Shalom Bayis Articles

Shalom Bayis

angry husband

~~Dear Mr. Weisbord,
I am married to someone who is described by everyone who meets him as a “great” guy. He is funny, handsome, a good provider, and nice – to other people, not to me. He wants to control me. He decides how the house is set up, how much exercise we get, when and where we go for vacation, how much money I can spend, what diet we are going on next, and what I should wear. He wants a certain “look,” so he even tells me which sheitelmacher to use. He makes all the rules, and if I express an opinion, he just ignores or overrides it. It’s “my way or the highway.”
I grew up in a stable family where things weren’t always perfect, but if I complained about a sibling or things being unfair, I was told to “make it work.” That was the family mantra. All my many siblings seem to have good marriages. Only I am very unhappy.


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Growing Up Is Hard To Do

growing up is hard to do

September 2005

Dear Mr. Weisbord,

I am a 25-year-old working boy who is kovea itim. Lately, I went out with a few girls I liked. It seems like what usually happens is that everything goes very well on the first two dates, and I get word that the girl likes me, too. Then it all collapses on the third date. We have nothing to talk about, and the date is a dud. Then she doesn’t want to go out again. Is this a common thing? What does it mean?

My interpretation is that we finished with all the small talk the first two times, but we are not yet ready to open up to the other person on a deeper level. I feel like all these relationships had potential if only the girl would not have ended it so soon. What do you say?

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Shalom Bayis Advice from 2006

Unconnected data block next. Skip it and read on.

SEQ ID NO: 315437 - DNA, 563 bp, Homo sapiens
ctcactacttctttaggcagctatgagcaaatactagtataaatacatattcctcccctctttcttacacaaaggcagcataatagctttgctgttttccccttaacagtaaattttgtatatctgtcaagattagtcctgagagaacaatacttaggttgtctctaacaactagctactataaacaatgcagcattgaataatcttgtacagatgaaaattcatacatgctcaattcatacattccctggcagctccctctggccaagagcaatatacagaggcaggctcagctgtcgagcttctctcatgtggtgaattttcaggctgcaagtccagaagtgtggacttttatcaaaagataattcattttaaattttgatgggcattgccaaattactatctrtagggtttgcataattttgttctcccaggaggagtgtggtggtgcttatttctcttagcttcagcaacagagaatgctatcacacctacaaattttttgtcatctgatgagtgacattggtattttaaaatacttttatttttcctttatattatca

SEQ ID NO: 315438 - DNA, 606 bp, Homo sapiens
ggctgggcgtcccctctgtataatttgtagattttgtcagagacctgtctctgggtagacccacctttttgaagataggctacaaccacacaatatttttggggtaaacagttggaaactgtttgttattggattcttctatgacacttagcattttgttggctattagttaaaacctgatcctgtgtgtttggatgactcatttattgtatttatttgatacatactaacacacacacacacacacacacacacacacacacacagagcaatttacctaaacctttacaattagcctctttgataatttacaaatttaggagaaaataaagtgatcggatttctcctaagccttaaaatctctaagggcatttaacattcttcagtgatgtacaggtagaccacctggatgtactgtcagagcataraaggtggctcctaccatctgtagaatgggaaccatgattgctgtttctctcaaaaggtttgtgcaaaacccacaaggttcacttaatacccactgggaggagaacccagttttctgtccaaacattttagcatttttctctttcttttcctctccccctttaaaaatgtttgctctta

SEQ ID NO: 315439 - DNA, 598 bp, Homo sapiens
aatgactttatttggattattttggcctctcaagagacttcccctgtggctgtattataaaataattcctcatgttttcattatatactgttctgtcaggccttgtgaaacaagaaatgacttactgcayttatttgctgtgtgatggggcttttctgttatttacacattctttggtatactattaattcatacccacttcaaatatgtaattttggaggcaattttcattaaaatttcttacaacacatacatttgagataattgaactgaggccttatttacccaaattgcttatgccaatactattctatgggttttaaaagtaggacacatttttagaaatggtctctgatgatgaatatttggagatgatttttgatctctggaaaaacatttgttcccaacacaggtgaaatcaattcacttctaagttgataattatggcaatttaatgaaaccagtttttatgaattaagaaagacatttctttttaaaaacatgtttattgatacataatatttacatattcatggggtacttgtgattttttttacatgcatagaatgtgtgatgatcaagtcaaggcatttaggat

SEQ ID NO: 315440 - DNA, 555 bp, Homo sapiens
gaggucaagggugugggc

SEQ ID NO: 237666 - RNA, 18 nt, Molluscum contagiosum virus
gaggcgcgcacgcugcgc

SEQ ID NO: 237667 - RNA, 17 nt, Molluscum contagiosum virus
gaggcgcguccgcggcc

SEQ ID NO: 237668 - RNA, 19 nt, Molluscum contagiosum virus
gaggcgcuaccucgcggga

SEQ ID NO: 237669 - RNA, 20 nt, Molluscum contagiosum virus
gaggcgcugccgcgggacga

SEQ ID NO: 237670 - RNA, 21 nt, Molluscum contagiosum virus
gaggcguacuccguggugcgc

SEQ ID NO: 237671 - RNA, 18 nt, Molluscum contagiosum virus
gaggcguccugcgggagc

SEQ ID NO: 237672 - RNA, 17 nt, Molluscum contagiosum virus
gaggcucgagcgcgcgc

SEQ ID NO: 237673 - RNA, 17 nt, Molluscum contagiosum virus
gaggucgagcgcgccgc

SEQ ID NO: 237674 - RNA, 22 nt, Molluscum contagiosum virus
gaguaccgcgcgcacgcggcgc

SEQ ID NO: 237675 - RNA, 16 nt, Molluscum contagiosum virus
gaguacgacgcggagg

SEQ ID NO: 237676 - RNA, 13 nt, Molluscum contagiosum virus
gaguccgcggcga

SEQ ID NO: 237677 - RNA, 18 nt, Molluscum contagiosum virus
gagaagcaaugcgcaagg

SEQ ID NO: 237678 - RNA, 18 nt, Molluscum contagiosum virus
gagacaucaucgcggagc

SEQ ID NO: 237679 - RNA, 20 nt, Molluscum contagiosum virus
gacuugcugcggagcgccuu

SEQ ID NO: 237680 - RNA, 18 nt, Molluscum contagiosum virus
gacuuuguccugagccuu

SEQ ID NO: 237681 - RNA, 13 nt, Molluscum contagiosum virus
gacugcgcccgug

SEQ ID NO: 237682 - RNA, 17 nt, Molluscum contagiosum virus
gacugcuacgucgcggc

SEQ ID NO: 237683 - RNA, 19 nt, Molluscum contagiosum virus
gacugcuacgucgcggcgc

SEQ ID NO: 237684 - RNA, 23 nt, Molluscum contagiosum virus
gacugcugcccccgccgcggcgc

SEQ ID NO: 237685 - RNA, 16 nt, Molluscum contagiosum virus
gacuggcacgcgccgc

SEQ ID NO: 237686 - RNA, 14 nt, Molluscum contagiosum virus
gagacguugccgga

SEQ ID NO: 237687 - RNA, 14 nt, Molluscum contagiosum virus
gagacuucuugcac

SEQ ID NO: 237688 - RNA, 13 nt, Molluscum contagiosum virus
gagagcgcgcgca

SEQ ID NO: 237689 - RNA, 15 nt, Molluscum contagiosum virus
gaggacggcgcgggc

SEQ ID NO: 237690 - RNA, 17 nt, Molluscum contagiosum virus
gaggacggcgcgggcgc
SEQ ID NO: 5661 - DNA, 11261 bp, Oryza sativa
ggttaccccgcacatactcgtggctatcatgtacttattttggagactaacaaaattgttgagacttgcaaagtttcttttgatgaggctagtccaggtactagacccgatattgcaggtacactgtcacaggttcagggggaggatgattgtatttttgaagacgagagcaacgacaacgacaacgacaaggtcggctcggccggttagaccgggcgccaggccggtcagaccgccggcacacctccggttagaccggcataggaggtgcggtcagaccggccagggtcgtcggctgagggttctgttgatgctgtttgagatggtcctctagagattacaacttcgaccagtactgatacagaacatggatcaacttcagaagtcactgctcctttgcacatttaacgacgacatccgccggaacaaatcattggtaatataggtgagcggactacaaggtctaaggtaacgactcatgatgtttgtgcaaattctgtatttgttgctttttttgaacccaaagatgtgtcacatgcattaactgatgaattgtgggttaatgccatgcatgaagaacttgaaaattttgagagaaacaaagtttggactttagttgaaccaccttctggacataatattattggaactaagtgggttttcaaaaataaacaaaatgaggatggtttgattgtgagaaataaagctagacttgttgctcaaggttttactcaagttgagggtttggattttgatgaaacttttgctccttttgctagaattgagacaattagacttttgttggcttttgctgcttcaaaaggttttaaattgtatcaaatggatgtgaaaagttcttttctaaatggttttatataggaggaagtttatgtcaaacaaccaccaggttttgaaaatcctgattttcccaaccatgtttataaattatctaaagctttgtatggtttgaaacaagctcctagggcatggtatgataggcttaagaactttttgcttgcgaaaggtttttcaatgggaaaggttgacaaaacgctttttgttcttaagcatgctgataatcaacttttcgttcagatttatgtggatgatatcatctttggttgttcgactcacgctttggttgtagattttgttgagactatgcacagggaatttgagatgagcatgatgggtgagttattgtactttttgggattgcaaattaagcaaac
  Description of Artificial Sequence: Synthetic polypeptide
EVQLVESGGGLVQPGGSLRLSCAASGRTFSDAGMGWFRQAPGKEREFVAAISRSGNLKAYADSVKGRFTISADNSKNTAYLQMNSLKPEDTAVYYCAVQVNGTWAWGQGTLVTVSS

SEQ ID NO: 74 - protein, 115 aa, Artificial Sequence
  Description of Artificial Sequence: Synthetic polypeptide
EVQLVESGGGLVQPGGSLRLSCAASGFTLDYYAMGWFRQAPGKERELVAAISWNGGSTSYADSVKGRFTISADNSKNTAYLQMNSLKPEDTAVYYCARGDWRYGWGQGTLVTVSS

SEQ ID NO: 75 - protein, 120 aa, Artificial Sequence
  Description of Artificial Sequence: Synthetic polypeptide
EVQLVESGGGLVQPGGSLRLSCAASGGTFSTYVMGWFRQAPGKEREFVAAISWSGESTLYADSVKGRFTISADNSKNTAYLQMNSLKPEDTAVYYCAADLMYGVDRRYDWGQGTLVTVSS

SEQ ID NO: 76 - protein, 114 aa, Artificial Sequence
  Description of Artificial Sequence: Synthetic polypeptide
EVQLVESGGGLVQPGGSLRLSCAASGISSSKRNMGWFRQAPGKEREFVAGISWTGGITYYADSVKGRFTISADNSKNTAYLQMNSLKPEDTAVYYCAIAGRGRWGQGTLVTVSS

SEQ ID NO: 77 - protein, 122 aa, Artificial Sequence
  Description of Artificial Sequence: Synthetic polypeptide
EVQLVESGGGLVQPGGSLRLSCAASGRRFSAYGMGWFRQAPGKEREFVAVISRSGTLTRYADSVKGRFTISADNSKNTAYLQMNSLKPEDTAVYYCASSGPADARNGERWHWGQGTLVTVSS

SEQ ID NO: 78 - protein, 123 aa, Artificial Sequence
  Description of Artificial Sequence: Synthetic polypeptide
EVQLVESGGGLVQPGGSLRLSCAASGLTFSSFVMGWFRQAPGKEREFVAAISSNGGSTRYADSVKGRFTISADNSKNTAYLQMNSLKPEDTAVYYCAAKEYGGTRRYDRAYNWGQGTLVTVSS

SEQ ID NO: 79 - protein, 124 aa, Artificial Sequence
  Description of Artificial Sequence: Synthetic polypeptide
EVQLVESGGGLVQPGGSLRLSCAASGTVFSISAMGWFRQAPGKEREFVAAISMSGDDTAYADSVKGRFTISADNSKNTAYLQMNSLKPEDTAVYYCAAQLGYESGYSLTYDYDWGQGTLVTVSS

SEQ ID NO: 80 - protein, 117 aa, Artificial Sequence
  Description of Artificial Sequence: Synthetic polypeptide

Dear Rebbetzin Weinberg,

I have a wonderful daughter-in-law. Everybody says so, and actually, I also think she is wonderful. She is very warm and friendly and always willing to help anyone. She invites people for meals, cooks for the sick, and welcomes guests to sleep at her home. In fact, she extends herself to everyone – everyone, that is, who is not in her family.

I don’t want to sound like the mother-in-law who is complaining about a daughter-in-law. I have always treated all my daughters and daughters-in-law the same in every way. If my daughter were treating her husband this way, I would say something to her. But I don’t know how to go about it with a daughter-in-law.

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The Three Stages of Marriage Why All Marriages Go through their Ups and Downs


“Is my marriage beyond repair? Is this feeling normal?”

Couples are often confused when their relationship takes a turn for the worse. What many don’t realize is that the ups and downs they are experiencing are normal and even serve a higher purpose. Understanding the three stages of marriage helps couples normalize their situation and provides hope that their marriage can thrive once again. Let’s explore the three stages and see which one you are in:

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Shalom Bayis

cell phone

Dear Dr. Weisbord,

I always thought that when the children got married and left home, my husband and I would have more time together. Well, that is our situation now, but we are both still very busy – with work, grandchildren, and life in general – so we decided we would go out together once a month, just the two of us.

On our first date night, we went to a quiet restaurant. Everything was going well, and then I noticed that my husband was checking his phone. I was shocked. I didn’t react the first time, but when it happened again, I said, “Is the phone more interesting than I am?” He explained that no, of course I am more interesting than the people who are emailing him, but he feels that if someone is trying to reach him, he has to be there for them.

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11 Things the Happiest Couples Avoid


Happiness in a relationship is much more than luck; it takes a daily conscious effort to put into practice healthy relational habits. Let’s learn about some of the things that happy couples avoid and see how you can bring more joy into your own relationship.*  *  *

1) They don’t complain about their spouse to their friends or family: Happy couples know that it’s best not to involve others in their relationship. They talk directly to their spouse if they have an issue instead of consulting others, who often provide negative feedback that could hurt the relationship. There is nothing wrong with healthy “girl” or “guy” time, but don’t use it as an opportunity to complain about your spouse.

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